In early 2016, NVIDIA and Google announced that the NVIDIA Tesla P100 was coming to the Google Cloud Platform in early 2017. We are not sure how early September is in 2017, but it has finally happened. You can read the formal announcement here. e5-2699a v4
One can now attach up to 4x NVIDIA Tesla P100 GPUs or 8x NVIDIA Tesla K80 GPUs (equivalent to four K80 cards you can purchase) to a single instance. Beyond just GPUs, you can attach up to 3TB of local SSD space for high-IOPS and capacity local storage. By using the instances on demand you do not need to get a NVIDIA DGX-1 in order to take advantage of the high-end Tesla P100 GPUs.
Launch pricing is as follows:
|SKU – LOCATION||ON DEMAND PRICE DIE / HOUR (USD)||SUSTAINED USE DISCOUNTS DIE / HOUR (USD) (UP TO 30% OFF)|
|P100 – US||$2.30||As low as $1.61|
|P100 – EUROPE/ASIA||$2.53||As low as $1.771|
|K80 – US||$0.70||As low as $0.49|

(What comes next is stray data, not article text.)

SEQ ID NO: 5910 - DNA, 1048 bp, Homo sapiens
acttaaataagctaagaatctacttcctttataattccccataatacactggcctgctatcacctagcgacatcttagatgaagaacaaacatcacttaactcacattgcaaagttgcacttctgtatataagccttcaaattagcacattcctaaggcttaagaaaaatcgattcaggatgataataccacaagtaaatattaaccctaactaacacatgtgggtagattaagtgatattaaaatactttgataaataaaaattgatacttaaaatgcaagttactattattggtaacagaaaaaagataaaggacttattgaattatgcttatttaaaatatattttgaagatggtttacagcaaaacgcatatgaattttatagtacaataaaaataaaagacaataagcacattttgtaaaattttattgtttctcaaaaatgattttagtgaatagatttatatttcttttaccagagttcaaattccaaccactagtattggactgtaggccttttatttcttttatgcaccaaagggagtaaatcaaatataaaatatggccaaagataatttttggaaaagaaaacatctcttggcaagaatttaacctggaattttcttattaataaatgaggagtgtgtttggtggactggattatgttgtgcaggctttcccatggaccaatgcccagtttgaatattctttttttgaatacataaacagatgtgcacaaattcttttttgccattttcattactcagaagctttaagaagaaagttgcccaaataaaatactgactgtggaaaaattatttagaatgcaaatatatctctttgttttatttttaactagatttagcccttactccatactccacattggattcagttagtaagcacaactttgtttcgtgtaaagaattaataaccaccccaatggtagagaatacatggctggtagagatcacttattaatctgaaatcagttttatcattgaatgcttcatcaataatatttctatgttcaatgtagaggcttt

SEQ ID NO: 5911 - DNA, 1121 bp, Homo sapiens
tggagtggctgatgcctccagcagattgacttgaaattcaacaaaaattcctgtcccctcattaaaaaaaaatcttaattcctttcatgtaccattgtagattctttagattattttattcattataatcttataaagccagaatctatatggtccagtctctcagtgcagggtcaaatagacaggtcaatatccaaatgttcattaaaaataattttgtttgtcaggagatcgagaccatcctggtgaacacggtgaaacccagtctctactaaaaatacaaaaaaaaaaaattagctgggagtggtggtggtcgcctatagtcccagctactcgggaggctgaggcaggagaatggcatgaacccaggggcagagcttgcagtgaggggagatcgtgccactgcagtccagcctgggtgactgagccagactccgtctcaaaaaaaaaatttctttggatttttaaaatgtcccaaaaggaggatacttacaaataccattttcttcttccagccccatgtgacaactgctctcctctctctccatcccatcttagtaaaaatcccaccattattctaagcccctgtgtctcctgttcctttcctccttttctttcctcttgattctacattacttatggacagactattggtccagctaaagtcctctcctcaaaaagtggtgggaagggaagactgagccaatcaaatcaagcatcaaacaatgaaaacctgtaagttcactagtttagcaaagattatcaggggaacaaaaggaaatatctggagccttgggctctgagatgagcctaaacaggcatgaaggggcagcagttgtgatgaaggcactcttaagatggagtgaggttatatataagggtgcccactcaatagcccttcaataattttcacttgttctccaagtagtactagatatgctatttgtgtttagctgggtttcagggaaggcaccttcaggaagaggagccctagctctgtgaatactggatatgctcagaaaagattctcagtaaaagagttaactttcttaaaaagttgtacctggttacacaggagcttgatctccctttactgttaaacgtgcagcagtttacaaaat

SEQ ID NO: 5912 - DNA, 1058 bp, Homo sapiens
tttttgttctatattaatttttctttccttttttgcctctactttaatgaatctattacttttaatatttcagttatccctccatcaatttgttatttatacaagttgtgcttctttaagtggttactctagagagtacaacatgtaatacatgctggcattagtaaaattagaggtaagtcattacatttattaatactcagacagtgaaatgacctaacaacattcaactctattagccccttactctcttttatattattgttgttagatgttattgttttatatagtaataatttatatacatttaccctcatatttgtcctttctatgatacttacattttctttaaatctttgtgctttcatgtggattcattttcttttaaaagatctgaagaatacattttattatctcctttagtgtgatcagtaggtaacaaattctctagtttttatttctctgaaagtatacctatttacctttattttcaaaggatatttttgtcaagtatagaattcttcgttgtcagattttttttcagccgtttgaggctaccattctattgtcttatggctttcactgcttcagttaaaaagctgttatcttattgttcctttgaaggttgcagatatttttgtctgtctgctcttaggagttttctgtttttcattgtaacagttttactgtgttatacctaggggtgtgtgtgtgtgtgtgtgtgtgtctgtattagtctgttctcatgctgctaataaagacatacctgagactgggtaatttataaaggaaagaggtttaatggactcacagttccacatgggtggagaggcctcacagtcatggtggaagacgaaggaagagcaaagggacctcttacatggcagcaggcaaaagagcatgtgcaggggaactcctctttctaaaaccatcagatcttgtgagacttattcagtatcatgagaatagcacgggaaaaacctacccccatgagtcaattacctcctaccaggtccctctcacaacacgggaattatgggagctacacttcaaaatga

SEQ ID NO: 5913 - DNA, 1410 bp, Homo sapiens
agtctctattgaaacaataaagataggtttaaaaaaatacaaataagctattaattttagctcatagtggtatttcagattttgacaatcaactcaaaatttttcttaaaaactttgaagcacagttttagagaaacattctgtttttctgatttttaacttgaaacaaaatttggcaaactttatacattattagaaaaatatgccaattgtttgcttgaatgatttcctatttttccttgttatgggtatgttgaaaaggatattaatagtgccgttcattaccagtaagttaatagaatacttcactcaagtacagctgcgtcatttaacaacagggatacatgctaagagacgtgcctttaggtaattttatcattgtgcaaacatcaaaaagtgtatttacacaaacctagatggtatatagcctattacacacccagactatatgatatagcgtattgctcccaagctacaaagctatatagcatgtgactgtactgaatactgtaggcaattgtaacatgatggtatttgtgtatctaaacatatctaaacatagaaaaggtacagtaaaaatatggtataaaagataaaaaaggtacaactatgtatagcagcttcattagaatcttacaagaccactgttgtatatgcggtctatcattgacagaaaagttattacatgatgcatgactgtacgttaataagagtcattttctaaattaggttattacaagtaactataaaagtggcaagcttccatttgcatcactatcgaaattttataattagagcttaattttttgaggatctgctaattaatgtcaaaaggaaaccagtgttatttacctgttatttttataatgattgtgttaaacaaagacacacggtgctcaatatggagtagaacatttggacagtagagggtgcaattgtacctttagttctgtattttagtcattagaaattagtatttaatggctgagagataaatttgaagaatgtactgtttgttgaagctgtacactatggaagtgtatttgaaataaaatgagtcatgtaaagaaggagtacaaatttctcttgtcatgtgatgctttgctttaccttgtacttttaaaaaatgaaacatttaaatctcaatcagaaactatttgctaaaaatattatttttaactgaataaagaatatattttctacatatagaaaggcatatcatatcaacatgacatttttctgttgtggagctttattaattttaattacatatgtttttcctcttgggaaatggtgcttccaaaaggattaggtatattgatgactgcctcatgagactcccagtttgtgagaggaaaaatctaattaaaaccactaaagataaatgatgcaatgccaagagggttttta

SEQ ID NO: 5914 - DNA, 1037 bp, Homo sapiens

|K80 – EUROPE/ASIA||$0.77||As low as $0.54|
That is certainly some premium over the K80 GPUs however justified. Google lowers the pricing of GPUs over time.
The NVIDIA Tesla P100 is an important card even though the new Volta generation is coming online. You can read more about the new NVIDIA Tesla V100 from our Hot Chips coverage. We have heard those are starting to ship but it generally takes some time for cloud providers to stock the cards. NVIDIA instead sells its flagship cards to those willing to pay a hefty premium first, then to the cloud providers that generally wait for higher discounts.
If you need fast half or double precision performance for machine learning, AI, or other applications like simulation, then GCP can help you scale quickly and efficiently to get Tesla P100’s immediately and without having to specifically provision GPU racks. With the GCP sustained use pricing, the cost is not too bad especially if you know you will have sustained use only for a few months.